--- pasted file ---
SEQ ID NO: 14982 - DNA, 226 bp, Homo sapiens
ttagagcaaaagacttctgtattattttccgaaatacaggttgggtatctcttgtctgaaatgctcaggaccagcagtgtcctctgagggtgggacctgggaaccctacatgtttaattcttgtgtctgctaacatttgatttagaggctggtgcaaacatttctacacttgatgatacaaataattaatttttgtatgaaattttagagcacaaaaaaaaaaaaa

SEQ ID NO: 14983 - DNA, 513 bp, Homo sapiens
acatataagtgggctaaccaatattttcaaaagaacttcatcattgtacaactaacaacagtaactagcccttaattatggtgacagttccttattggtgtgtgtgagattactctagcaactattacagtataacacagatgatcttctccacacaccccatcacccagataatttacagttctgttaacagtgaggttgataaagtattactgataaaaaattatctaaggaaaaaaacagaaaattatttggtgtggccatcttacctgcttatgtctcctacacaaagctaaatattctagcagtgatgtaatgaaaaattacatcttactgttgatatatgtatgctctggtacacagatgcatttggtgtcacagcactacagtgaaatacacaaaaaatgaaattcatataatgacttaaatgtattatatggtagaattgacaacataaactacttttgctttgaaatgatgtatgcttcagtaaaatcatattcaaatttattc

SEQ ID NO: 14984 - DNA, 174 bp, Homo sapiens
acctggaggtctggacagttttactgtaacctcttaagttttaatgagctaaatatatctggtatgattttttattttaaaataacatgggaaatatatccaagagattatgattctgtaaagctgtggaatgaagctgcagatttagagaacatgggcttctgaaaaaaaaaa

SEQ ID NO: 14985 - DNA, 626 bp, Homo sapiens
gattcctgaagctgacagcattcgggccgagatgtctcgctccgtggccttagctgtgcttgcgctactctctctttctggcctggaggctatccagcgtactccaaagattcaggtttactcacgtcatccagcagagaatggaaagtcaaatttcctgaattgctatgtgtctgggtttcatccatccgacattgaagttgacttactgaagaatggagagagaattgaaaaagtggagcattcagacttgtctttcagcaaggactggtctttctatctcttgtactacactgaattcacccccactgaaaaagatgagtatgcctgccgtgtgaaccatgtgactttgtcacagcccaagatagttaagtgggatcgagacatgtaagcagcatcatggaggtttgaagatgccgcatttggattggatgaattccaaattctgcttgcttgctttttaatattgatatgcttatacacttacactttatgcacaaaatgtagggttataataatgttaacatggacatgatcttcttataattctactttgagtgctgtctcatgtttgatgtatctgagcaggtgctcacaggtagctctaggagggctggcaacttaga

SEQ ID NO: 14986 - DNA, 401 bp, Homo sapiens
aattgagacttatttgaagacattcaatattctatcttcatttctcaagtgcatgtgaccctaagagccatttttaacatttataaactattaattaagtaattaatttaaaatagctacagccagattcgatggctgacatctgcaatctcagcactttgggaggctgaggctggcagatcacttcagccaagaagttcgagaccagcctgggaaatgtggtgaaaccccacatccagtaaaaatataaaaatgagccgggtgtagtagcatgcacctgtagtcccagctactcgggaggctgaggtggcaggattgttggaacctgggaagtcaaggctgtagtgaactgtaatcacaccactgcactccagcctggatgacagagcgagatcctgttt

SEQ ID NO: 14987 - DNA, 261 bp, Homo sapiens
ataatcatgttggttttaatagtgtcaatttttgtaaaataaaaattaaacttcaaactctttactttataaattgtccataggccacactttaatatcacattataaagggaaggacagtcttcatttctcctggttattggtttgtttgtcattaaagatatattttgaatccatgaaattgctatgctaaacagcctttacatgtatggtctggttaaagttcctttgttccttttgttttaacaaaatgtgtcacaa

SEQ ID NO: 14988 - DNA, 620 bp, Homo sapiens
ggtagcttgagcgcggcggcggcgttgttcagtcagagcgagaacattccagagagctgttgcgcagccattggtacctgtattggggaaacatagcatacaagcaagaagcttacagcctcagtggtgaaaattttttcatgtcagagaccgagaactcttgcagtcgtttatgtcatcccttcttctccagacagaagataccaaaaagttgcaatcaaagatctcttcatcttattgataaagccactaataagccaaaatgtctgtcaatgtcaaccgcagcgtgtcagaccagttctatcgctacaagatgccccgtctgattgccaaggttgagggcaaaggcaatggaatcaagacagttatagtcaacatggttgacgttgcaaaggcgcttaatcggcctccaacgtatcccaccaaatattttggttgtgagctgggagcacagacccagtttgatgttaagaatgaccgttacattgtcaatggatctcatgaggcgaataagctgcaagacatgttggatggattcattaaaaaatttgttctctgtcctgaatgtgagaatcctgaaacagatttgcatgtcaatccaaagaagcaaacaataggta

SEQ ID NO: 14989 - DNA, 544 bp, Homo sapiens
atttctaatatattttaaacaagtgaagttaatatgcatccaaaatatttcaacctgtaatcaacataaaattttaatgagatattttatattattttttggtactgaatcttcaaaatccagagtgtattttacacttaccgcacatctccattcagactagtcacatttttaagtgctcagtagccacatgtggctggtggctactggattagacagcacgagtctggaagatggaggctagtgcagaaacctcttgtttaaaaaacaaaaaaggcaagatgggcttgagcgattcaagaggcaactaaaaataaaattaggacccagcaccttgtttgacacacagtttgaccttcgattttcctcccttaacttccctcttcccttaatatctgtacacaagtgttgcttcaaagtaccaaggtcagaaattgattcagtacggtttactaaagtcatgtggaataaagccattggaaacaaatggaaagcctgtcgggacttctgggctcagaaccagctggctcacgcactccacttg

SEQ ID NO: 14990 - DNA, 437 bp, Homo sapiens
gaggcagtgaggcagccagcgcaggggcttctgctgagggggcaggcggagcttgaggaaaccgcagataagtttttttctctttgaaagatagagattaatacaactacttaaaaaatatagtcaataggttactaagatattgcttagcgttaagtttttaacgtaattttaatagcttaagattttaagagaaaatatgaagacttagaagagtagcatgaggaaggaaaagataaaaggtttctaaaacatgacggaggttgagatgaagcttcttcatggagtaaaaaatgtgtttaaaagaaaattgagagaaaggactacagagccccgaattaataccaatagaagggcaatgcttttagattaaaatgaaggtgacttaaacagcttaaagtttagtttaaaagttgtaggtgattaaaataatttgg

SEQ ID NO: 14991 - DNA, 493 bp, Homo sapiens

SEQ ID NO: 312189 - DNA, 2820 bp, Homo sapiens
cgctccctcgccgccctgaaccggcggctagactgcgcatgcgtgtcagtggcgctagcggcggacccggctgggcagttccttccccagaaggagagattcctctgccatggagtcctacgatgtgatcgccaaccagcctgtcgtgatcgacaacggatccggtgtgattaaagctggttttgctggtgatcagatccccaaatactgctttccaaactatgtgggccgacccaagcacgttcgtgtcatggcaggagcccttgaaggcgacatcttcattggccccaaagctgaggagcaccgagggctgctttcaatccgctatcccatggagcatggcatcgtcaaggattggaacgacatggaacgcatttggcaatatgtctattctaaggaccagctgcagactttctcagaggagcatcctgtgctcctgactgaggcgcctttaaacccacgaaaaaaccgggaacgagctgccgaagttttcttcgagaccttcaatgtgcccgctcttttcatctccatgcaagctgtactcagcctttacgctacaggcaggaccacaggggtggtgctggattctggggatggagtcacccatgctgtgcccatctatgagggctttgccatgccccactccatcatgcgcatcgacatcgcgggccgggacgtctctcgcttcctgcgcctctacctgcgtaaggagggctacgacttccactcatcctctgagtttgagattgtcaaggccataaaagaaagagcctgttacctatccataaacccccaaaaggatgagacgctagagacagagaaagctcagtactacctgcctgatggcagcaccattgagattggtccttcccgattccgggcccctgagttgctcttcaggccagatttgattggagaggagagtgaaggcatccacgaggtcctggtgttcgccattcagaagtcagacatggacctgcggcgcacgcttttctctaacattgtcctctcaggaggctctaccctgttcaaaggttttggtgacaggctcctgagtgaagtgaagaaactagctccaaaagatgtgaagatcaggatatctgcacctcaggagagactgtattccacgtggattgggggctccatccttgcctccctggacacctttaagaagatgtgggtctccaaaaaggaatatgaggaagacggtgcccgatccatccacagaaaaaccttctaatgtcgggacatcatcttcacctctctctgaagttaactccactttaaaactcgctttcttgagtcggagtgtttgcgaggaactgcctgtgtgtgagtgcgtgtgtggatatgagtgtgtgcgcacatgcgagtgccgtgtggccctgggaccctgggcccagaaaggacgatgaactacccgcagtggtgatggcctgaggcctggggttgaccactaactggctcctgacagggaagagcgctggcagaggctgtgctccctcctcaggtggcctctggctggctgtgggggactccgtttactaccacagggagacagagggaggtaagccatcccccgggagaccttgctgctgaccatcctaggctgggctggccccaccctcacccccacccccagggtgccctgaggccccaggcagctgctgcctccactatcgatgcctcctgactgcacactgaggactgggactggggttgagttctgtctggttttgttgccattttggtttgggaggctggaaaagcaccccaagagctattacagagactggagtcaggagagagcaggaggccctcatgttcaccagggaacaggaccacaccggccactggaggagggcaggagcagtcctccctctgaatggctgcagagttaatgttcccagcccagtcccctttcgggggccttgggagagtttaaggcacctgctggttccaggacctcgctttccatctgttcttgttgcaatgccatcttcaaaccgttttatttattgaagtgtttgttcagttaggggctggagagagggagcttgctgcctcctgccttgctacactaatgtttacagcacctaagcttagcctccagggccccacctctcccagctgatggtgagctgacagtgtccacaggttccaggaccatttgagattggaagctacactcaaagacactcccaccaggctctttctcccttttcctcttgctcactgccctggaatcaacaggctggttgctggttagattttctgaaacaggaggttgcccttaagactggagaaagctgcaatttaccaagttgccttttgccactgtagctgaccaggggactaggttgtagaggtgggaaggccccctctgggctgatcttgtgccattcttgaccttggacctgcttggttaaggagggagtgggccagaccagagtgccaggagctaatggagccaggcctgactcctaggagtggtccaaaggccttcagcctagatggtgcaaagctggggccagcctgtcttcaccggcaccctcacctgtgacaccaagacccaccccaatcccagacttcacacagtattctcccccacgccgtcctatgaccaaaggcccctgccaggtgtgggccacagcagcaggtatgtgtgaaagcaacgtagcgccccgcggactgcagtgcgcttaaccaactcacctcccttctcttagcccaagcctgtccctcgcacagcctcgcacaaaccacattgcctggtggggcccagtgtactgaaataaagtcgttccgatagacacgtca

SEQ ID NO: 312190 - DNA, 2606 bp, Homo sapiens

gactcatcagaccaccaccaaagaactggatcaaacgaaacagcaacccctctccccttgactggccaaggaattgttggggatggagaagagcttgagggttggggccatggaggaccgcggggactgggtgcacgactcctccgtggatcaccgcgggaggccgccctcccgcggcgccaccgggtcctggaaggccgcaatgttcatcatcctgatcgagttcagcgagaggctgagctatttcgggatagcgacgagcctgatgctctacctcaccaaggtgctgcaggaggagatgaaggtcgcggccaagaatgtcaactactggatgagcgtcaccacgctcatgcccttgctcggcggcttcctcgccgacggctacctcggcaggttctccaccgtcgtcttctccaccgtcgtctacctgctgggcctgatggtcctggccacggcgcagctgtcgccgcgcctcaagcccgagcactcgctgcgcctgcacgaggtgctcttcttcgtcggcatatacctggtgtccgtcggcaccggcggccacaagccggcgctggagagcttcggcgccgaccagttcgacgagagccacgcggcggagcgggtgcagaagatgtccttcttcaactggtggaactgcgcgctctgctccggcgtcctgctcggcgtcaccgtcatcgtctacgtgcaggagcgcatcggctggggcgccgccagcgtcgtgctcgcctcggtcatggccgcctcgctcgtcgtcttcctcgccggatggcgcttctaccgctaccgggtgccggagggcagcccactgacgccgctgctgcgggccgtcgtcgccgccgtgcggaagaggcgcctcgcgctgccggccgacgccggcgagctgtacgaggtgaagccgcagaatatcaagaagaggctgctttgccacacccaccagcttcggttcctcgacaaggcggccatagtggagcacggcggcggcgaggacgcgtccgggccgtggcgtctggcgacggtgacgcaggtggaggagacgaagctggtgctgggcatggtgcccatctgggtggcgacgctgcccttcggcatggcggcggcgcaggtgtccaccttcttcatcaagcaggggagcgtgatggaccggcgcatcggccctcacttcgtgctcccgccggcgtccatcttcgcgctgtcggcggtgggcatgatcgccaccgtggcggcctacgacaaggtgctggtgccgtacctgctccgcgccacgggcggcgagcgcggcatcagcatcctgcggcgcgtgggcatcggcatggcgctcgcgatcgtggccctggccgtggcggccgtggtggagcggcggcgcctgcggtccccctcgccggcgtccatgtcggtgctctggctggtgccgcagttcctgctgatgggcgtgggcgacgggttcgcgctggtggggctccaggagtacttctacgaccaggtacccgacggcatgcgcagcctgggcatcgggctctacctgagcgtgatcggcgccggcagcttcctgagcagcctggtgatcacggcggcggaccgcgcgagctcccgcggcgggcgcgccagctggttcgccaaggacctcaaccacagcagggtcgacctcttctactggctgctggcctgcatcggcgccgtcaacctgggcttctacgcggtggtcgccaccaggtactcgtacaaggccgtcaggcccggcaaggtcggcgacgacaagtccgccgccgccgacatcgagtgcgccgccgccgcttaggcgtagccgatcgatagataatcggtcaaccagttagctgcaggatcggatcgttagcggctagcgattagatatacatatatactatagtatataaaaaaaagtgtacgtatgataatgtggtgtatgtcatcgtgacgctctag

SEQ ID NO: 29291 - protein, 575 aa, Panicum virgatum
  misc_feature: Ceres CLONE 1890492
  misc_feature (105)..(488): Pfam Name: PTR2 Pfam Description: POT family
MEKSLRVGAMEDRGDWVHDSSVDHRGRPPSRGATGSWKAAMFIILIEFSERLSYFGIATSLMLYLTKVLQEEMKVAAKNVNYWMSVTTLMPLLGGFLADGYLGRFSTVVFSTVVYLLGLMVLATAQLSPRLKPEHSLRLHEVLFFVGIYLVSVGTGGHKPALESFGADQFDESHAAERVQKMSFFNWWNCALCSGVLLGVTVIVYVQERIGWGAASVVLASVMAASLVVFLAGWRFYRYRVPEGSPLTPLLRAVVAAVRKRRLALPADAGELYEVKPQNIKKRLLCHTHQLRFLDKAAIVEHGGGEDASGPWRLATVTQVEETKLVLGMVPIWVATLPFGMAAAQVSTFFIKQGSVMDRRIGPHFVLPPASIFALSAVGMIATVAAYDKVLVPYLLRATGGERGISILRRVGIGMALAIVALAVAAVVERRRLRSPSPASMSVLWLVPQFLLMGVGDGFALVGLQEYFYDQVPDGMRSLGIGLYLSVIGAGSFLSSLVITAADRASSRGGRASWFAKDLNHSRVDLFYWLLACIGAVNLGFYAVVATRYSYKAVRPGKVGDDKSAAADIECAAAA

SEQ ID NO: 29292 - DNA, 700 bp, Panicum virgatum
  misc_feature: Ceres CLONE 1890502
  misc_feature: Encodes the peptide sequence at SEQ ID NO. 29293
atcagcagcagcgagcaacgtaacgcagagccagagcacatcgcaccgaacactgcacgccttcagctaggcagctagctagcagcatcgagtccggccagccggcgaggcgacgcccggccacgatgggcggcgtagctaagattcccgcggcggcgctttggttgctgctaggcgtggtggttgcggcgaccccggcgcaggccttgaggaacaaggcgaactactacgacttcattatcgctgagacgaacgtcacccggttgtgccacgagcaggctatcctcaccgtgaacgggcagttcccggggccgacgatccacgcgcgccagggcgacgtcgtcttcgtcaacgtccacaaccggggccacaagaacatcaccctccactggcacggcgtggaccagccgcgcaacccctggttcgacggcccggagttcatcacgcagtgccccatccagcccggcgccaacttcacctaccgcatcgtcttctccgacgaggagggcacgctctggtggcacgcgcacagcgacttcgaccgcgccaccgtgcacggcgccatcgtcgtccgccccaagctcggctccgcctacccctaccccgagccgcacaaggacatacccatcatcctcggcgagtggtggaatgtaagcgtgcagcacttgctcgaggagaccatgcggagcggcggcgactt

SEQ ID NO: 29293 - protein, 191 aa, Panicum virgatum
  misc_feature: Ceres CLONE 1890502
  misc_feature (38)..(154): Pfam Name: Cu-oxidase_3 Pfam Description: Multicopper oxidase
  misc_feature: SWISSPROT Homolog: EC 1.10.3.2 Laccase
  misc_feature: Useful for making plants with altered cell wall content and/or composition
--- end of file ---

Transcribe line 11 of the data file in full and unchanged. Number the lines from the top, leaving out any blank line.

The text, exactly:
SEQ ID NO: 14987 - DNA, 261 bp, Homo sapiens